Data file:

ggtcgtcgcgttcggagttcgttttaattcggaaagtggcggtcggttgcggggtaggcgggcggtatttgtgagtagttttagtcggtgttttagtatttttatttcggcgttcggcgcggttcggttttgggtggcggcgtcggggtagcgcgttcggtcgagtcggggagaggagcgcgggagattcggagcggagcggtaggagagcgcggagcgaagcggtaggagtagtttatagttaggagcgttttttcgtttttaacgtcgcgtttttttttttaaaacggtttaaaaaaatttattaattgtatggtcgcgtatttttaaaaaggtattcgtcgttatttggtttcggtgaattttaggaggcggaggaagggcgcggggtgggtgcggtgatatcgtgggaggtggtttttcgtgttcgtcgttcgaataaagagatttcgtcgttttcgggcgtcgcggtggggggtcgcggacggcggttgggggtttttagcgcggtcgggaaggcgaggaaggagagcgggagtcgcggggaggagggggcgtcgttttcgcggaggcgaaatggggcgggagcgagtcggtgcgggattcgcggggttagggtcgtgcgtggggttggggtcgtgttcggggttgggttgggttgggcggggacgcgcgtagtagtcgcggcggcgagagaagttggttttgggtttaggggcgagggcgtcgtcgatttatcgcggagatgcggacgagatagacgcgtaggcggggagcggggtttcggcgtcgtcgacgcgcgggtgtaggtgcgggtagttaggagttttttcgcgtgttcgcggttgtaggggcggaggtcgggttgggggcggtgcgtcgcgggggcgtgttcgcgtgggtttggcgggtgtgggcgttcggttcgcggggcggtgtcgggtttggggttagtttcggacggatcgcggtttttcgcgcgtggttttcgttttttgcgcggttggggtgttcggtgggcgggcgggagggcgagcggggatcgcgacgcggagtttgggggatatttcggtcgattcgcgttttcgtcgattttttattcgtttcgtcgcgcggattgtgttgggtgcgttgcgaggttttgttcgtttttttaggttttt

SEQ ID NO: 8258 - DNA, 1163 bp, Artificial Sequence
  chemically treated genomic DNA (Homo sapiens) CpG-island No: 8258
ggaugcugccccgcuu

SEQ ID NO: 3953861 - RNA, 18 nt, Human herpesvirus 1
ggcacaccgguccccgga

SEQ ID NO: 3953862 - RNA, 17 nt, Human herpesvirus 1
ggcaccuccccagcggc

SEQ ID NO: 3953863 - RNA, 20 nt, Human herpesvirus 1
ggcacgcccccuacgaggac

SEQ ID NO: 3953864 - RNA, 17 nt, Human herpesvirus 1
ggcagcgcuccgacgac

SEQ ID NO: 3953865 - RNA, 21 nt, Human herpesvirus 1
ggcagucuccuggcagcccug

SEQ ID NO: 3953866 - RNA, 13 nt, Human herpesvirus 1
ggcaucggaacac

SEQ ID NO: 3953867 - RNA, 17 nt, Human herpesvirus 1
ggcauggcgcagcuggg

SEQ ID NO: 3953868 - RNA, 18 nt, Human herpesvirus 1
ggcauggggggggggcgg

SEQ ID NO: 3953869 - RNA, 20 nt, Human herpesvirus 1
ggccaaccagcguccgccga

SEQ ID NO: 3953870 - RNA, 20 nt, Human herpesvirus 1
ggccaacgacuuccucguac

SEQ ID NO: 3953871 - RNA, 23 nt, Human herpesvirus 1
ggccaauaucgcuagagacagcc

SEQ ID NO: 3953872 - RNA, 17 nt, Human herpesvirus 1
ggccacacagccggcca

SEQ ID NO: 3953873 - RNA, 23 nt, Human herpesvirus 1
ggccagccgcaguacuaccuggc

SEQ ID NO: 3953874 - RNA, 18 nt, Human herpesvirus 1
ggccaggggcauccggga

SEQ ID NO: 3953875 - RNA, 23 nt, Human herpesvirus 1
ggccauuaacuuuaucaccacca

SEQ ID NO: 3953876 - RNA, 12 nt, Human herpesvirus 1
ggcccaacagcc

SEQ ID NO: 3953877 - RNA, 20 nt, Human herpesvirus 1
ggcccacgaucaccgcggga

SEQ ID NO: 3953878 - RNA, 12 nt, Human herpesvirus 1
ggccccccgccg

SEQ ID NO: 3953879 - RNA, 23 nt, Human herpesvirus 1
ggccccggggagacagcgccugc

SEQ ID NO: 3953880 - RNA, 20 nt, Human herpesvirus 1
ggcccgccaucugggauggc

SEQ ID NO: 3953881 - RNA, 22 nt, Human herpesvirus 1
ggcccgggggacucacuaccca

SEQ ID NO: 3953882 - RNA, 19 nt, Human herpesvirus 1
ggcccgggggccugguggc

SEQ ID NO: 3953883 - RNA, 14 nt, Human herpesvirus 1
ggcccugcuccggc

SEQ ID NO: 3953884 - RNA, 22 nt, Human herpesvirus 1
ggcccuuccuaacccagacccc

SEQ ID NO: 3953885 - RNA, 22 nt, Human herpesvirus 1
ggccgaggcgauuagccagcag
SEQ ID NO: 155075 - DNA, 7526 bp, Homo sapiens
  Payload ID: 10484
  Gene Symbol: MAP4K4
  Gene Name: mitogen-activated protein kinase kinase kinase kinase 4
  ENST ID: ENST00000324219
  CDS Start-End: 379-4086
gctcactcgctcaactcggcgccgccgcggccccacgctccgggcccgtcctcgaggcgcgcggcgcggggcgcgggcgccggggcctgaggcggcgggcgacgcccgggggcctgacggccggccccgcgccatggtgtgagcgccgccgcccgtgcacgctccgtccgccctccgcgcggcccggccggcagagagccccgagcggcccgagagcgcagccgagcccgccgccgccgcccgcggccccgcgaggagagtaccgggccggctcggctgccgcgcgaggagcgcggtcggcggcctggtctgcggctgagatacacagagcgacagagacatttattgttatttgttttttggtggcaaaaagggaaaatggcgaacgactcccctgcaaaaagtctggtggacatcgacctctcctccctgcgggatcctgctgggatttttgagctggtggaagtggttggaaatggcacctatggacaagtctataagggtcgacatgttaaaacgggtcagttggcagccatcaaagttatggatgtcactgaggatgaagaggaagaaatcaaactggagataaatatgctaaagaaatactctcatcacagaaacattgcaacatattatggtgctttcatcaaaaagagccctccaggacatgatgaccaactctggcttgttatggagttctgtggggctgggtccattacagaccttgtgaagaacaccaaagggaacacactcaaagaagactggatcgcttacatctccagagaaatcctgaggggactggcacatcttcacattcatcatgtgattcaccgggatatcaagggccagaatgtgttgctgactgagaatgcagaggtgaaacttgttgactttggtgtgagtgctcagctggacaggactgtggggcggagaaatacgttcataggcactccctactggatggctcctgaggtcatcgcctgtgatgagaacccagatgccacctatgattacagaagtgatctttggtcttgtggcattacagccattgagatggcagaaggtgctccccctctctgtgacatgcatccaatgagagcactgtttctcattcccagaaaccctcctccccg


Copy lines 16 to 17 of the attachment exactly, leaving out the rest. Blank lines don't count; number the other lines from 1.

ggcaucggaacac

SEQ ID NO: 3953867 - RNA, 17 nt, Human herpesvirus 1